In our upcoming release, Couchbase Analytics will add support for the parallel execution of window analytic functions natively on JSON data. Even though window functions have existed in the relational world for many years, this is a big deal for NoSQL! It’s one more great example of Couchbase bringing the business-critical features of relational systems to the world of NoSQL.
Q5. How does the analytics ecosystem keep up with rapidly evolving applications that are taking advantage of the schema flexibility of JSON?
Today, the analytics ecosystem breaks down with rapidly evolving application schemas. I say this because the analytics schema needs to be redesigned every time the application schema changes. And every time the analytics schema needs to change, the ETL pipeline also needs to be reconfigured, which impacts the time to insight.
If an application is using a NoSQL database like Couchbase, then schema evolution for the application doesn’t require a heavy lift. This makes the application development process agile. Couchbase Analytics was created to support the analytical needs of agile application development. Application data is continuously streamed to the analytics engine, and changes in schema don’t interfere with the immediate availability of the application data for analytical processing.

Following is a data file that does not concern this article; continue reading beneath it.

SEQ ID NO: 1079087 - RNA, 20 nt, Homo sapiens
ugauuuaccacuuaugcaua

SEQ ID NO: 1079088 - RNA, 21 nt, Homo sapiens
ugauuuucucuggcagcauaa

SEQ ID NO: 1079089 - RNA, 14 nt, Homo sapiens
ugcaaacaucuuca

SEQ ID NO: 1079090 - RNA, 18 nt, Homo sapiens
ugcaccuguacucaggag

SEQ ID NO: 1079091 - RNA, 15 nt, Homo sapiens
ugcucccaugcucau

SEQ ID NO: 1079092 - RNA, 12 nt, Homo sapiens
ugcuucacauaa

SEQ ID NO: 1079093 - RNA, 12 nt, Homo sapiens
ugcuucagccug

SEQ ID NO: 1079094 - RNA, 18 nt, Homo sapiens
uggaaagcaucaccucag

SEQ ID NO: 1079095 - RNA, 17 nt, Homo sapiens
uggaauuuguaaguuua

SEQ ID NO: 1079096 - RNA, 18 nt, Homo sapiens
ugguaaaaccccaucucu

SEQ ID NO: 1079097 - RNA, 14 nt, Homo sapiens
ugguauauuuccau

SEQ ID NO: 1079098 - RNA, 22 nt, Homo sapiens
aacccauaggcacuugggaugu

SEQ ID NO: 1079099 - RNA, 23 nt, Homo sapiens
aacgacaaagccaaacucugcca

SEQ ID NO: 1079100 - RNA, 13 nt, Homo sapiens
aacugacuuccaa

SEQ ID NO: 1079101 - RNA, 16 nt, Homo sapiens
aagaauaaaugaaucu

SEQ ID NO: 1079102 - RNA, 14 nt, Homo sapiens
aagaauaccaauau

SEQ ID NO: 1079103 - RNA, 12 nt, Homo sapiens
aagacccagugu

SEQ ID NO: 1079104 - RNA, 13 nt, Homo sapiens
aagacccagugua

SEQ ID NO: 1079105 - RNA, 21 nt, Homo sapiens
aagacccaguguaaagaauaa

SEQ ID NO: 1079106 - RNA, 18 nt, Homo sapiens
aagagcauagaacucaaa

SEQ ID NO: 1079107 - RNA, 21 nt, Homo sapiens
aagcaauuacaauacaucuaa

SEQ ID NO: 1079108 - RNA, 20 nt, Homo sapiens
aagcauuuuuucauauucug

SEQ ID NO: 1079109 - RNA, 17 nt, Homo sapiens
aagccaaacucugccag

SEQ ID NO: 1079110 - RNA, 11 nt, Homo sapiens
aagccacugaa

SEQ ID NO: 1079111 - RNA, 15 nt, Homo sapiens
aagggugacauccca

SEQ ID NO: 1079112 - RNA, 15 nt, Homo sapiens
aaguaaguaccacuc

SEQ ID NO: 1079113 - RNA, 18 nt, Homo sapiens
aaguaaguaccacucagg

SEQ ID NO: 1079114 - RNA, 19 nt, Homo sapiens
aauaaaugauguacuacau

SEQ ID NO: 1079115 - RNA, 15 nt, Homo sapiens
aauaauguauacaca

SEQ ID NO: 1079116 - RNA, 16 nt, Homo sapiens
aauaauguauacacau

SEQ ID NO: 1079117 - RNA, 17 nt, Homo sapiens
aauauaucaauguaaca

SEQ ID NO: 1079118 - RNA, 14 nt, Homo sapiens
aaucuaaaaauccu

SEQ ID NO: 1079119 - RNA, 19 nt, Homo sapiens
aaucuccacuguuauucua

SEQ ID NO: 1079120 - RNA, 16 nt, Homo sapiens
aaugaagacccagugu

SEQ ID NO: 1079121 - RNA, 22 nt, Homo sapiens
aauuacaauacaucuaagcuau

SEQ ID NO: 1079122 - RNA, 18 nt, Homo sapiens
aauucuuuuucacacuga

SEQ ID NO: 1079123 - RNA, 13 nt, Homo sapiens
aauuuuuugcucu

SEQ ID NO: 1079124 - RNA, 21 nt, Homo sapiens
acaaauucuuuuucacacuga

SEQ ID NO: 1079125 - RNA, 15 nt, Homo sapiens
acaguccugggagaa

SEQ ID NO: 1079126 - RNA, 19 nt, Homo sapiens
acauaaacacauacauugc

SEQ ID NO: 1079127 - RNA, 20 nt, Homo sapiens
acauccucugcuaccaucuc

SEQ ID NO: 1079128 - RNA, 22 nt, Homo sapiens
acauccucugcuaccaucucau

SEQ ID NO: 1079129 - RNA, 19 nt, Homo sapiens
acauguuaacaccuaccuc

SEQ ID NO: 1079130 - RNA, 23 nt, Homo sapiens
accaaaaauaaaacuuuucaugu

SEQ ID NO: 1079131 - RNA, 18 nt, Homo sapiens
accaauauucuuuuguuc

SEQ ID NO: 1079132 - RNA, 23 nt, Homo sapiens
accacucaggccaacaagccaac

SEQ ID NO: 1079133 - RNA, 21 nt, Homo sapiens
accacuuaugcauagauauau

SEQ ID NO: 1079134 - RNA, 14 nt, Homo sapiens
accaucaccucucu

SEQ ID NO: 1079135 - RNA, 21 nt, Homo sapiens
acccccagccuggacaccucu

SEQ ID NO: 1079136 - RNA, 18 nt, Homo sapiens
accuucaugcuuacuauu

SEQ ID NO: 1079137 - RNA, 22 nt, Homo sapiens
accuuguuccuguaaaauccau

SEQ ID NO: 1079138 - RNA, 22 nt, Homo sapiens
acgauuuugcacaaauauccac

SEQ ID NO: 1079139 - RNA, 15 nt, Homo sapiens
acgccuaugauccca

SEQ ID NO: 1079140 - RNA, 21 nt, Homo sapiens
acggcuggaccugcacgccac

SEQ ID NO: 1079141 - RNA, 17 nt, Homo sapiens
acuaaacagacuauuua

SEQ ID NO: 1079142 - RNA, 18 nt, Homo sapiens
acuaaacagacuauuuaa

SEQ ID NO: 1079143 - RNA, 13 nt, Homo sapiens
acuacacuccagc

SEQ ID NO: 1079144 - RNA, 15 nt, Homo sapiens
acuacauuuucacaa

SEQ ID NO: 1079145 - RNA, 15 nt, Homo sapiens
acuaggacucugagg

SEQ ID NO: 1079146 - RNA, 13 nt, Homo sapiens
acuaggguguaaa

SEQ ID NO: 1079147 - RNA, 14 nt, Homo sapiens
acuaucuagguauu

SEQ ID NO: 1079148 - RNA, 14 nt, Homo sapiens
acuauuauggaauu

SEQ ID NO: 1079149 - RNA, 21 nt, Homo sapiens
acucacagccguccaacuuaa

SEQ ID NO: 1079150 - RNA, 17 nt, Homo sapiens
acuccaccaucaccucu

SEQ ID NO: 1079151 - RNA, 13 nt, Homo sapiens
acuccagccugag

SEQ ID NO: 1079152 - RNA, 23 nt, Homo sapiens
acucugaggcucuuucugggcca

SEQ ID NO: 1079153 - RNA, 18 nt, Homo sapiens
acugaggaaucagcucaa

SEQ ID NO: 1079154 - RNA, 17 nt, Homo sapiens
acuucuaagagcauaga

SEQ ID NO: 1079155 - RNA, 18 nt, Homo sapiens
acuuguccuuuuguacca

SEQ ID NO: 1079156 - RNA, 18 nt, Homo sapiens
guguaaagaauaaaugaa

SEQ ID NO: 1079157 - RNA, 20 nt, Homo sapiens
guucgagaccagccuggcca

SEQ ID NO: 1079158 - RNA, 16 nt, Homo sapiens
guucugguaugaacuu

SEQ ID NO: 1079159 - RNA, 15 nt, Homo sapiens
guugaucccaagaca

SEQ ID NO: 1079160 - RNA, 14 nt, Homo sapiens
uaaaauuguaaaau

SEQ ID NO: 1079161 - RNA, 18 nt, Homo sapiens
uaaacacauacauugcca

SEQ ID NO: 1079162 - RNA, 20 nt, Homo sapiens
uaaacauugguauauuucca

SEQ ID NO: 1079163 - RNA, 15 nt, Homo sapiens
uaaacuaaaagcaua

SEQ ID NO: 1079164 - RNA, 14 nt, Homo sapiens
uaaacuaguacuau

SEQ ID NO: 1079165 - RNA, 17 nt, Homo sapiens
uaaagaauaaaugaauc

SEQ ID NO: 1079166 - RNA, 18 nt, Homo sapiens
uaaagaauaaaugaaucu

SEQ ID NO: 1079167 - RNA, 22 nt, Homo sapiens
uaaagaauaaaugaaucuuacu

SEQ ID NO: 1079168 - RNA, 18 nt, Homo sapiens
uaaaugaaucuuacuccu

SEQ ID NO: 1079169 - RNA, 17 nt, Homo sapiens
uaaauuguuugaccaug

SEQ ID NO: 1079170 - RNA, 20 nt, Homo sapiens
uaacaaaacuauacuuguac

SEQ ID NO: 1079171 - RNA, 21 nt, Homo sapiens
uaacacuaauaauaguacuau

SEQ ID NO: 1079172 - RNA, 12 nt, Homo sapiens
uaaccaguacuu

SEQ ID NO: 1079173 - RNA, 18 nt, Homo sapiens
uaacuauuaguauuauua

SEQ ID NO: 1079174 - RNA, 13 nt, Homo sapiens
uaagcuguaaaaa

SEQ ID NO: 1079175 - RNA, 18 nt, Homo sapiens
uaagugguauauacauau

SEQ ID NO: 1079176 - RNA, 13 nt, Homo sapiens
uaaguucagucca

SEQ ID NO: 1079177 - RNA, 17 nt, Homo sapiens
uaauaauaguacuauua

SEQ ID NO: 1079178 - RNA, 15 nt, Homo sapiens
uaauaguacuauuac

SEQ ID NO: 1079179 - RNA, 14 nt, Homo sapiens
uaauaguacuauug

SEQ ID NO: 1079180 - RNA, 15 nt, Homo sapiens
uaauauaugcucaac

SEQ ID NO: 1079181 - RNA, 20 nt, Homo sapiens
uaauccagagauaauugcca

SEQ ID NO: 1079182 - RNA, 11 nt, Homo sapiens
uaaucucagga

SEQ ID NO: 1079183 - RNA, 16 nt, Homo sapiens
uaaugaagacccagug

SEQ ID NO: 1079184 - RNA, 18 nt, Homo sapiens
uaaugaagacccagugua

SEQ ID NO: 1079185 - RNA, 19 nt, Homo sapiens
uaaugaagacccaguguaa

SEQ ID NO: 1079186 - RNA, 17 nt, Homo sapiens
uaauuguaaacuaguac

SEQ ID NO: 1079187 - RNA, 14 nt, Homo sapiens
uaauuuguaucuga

Q6. Is the SQL/JSON extension the right answer for JSON storage and querying?
My answer is an emphatic no!
To clarify, the SQL/JSON extension only addresses how to query JSON data. The JSON data is stored in the underlying database whether it’s relational or NoSQL.
In a relational database, JSON documents are stored as lumps of JSON data (possibly as strings, BLOBS, or something else), and a set of SQL functions are provided for processing the lumps with JSON semantics. This works great if you have an existing application with lots of data stored in tables and lots of SQL code for maintaining and querying your data. If you just need to extend your application to include some JSON data, you can add a new JSON column and think of the JSON instances as documents associated with your data.
In Couchbase, JSON is the natural data format for your application. There’s no impedance mismatch between how an application interacts with data and how it’s stored and managed. The ability to analyze JSON data without flattening it first – or predefining and evolving its schema – is key to maintaining application agility. Operational analytics gives enterprises the ability to react to their incoming operational data in real time.